It’s gained a cult following in the US, but is this spin class with a difference really worth the hype?
I’ve never done a spin class, but I’ve heard the horror stories: from colleagues passing out, to housemates throwing up and one super-fit, marathon-running friend telling me: ‘Never do it. I thought I’d have a heart attack.’ So it’s fair to say I was nervous before attending my first at the new SoulCycle studio in London’s Notting Hill. But this class is supposedly different; its combination of motivational music, heart-pumping pedalling and generally good vibes won it a cult following in the US, as well as celebrity advocates including the Beckhams, Lady Gaga and Katie Holmes. And after waking up at 6.30am to make the hour-long journey to Notting Hill from my south London flat, my initial nerves are counteracted by drowsiness.
As I enter the white-walled reception, I’m immediately
greeted by the hum of happy chatter from a crowd of lean influencer-types in
carefully coordinated gym gear (they apparently do wake up like this). After
I’ve signed a waiver, picked up my clip-on shoes and dropped my bags, it’s time
to enter the darkened studio and locate my bike, which I’m happy to find towards
the back. People are fiddling with their bikes and I’m unsure what to do.
Luckily a smiley American woman bounds over to my aid. While adjusting my seat
to hip-height, just over a forearm’s length from the handlebars, she points out
the knob below I should turn to increase the resistance. I clip my shoes into the
pedals and have a practise.
Our class is led by two instructors, Kendra and Lauren Naomi, both of whom look extremely toned and positive. They tell us we’re welcome to ‘woop’, flick our towels, or whip our hair at any point in class, as I continue to think about my duvet. When the pumping music starts, we pedal and Kendra asks us hit every second beat with our right foot. Despite my tiredness, I discover there’s something strangely satisfying about cycling to the beat. It’s not long before some audible ‘woops’ slip out from the riders around me. I cringe internally.
Kendra gets us to stand up as we pedal and incorporate our arms, pulling our bodies down over the handlebars to the beat of the music. I think I might fall off at first, but by focusing my weight downwards, I feel more secure. As we come into the next song, we’re encouraged to high-five the person next to us, which results in an extremely awkward and very British encounter with the equally reluctant girl to my left.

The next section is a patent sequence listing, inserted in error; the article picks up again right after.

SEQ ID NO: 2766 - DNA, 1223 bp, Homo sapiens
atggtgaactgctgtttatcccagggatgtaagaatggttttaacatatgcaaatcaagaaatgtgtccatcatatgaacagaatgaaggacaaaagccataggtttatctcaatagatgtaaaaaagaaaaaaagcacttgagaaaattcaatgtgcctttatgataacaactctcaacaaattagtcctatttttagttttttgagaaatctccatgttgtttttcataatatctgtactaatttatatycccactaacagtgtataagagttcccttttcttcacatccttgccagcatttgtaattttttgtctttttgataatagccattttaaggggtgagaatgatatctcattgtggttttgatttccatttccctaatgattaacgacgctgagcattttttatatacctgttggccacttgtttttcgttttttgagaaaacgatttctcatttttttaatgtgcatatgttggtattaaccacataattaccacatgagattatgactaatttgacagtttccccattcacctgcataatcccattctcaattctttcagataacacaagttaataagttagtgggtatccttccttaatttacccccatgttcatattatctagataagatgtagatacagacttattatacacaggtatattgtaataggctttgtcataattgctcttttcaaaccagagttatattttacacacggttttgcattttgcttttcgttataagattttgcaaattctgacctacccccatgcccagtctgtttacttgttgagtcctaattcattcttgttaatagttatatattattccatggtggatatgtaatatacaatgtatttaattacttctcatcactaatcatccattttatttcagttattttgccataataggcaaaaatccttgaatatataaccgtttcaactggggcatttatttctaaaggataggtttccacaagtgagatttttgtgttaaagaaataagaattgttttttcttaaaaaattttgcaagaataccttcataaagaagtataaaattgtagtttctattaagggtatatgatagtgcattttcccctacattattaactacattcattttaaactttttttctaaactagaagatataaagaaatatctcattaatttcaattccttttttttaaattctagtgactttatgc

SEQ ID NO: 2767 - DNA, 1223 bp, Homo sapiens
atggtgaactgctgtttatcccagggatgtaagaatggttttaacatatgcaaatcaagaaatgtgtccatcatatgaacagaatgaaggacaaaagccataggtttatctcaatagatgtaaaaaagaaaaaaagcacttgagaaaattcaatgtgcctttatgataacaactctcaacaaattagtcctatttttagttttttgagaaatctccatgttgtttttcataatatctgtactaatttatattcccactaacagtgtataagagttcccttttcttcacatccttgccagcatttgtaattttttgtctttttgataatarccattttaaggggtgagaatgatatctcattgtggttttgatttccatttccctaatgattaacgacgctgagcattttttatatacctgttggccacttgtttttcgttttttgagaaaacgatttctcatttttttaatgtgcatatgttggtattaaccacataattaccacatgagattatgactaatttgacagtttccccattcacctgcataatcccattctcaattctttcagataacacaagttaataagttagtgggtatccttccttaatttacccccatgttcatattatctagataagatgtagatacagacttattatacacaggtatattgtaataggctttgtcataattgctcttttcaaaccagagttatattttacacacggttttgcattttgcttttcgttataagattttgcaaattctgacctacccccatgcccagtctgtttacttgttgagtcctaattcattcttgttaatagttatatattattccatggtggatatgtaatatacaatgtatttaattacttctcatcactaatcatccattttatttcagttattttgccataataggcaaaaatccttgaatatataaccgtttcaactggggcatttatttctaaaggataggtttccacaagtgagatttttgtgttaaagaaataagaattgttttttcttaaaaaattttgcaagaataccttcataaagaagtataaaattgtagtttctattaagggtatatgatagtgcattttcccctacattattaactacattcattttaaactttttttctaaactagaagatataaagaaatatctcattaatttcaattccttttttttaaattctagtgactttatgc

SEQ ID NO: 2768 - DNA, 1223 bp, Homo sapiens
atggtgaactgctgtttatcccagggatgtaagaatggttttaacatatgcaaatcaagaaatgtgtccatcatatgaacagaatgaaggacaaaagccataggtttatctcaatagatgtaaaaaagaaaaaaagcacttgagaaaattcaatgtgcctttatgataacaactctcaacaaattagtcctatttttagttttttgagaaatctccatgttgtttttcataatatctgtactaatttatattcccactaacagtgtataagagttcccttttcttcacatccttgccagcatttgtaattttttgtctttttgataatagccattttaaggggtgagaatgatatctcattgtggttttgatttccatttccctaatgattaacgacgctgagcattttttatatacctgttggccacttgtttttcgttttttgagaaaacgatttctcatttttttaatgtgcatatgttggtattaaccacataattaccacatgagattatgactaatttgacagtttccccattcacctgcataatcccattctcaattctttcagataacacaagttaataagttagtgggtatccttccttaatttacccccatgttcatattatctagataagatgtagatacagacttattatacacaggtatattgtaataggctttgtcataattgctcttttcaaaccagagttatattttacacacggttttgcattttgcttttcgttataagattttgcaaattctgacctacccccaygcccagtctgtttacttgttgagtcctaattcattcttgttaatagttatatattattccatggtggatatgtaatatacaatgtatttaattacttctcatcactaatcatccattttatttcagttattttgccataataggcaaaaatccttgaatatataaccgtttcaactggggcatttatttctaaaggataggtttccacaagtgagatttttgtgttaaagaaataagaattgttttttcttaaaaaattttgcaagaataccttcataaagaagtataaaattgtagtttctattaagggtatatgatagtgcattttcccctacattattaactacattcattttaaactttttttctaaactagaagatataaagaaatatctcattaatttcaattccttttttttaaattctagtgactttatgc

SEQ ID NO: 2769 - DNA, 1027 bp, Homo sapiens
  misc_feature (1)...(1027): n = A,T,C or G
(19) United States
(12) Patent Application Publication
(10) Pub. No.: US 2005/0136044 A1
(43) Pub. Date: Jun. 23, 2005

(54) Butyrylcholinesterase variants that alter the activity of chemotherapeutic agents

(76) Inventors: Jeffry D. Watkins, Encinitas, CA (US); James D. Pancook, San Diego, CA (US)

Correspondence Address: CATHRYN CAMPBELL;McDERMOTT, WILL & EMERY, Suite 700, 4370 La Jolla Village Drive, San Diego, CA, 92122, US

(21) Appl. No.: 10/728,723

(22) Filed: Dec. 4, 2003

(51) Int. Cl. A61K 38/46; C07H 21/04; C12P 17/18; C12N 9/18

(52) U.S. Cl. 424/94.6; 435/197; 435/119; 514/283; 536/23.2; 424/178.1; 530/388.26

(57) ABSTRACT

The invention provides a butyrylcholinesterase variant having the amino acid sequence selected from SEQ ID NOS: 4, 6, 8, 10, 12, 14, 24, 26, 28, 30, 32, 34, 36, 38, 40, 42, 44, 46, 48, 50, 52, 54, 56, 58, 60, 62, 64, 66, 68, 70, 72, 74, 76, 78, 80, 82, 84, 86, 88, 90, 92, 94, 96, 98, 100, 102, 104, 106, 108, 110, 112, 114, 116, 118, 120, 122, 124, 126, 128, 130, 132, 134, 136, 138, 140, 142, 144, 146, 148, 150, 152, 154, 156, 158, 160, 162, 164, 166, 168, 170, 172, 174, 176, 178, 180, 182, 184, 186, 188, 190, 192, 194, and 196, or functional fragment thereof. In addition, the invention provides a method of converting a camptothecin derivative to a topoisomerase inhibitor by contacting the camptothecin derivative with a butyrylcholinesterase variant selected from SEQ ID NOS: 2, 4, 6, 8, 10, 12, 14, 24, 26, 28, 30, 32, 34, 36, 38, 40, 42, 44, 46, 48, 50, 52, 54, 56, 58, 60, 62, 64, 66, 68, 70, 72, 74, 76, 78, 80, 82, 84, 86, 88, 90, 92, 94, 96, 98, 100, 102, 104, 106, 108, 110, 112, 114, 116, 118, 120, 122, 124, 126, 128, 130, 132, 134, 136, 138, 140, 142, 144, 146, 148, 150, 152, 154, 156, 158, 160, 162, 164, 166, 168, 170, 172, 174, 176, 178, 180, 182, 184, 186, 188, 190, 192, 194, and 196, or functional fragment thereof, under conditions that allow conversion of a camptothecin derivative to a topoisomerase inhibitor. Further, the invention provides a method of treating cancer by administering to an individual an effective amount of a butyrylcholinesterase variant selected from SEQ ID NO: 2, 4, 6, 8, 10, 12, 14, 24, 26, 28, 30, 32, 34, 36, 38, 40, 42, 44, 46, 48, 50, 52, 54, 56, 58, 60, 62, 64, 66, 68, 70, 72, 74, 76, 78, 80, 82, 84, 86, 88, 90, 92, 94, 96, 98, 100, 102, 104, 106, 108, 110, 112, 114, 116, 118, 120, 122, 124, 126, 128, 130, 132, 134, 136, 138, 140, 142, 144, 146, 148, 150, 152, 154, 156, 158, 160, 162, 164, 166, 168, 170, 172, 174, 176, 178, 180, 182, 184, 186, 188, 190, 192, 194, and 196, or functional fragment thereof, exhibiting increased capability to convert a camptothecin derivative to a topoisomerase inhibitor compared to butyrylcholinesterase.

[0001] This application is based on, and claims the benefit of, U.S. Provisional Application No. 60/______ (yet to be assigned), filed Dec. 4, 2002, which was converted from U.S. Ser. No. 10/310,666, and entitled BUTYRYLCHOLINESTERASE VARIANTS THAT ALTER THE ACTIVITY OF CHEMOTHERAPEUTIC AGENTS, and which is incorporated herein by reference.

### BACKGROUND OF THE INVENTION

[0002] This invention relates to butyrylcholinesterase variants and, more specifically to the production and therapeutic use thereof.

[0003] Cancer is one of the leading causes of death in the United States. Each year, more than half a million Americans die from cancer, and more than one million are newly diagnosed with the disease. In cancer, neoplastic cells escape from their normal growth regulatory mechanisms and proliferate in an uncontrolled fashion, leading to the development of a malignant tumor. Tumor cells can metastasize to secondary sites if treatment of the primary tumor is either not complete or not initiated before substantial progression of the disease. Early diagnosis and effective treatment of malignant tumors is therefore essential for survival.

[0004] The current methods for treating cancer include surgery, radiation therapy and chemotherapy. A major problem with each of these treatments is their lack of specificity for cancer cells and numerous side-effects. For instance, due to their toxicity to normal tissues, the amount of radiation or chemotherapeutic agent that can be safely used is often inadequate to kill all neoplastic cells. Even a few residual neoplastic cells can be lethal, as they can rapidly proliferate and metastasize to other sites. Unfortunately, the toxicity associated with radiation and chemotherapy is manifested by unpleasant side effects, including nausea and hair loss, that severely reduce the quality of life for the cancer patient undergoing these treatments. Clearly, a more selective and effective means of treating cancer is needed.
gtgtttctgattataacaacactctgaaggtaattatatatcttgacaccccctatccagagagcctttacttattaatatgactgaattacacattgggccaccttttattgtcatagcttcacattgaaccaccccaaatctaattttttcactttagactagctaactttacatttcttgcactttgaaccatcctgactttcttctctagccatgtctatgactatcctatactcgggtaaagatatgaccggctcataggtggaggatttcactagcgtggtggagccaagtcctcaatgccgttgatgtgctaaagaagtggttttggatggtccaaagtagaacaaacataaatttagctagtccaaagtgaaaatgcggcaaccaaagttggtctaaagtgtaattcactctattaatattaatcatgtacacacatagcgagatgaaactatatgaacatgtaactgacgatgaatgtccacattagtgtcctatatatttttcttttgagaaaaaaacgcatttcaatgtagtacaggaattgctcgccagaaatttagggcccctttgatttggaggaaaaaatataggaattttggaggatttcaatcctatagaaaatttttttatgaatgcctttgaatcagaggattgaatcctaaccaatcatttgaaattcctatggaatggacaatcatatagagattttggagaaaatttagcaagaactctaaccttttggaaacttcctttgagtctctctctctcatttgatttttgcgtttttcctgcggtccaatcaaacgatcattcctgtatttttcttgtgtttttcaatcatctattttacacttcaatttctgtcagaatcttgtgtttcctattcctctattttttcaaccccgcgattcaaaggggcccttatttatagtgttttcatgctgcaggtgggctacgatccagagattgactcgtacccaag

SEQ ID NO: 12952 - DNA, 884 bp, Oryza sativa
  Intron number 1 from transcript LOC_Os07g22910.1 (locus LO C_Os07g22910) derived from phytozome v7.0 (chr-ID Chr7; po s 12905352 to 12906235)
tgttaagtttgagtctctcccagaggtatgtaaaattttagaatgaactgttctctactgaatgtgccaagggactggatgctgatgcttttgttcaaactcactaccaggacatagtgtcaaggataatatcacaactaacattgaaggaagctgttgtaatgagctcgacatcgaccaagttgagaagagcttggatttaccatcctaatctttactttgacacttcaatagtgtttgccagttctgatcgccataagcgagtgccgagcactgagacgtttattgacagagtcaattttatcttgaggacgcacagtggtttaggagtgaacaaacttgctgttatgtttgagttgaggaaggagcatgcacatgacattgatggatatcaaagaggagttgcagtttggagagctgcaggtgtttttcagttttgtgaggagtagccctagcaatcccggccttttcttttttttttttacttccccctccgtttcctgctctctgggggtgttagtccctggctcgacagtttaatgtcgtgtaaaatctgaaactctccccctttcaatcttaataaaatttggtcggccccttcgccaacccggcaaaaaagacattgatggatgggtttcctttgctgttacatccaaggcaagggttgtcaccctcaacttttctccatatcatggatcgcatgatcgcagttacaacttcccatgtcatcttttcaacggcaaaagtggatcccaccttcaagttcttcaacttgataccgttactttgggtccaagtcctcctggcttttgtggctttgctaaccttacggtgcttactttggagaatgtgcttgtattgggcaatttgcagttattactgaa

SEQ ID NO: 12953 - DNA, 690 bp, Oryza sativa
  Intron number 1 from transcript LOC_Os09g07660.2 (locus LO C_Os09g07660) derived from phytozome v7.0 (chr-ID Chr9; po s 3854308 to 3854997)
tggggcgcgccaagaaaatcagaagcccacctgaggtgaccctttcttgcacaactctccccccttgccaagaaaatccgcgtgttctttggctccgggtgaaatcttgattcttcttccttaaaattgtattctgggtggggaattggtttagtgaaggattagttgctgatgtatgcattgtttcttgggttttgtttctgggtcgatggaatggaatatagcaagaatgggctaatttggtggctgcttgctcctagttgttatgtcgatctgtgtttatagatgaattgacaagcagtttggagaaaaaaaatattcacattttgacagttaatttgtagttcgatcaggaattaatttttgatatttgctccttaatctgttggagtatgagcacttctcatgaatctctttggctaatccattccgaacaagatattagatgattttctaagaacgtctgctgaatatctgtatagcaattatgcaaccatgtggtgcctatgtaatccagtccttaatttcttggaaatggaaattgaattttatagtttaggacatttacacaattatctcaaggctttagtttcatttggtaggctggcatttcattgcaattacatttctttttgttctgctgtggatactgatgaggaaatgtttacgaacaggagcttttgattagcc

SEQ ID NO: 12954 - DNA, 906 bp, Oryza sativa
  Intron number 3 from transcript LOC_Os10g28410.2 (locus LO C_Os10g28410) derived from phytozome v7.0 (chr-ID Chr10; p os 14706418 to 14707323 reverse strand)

The next song has a much slower tempo and Lauren Naomi gets us to dial up our resistance, before moving our hips forwards and back over the seat. Immediately I start to feel the burn in my thighs, but I push through, determined to keep going. As the tempo picks up, we drop our resistance and pedal as fast we can, unleashing even more ‘woops’ – at 8.30am!
Next, we slow to a halt and are asked to pick up a pair of weights from the back of our bikes, doing biceps curls, triceps extensions and more. Then it’s back on our bikes for a final push. Lauren Naomi challenges us to up our resistance and push ourselves as hard as we can until the end of the song. Finally, we’re nearing the finish line and there are ‘woops’ flying left, right and centre. The song ends and I feel jubilant. All that’s left to do is unclip our feet and stretch. ‘Just click your heels, like Dorothy,’ says Lauren Naomi. There’s obviously a knack to this and several riders end up abandoning their shoes entirely.
After a quick stretch, my mood has noticeably lifted and I
feel ready to face the day. While I found some elements of the class slightly
cringey, including a quote about bringing the soul from the room into your
heart, I can’t deny that I found myself smiling through some of the most
challenging sections – I’d been converted. And as I leave the studio, Carey
Mulligan walks in for a class. I decide if she can deal with the woops, so can
For more information and to book classes, visit soul-cycle.com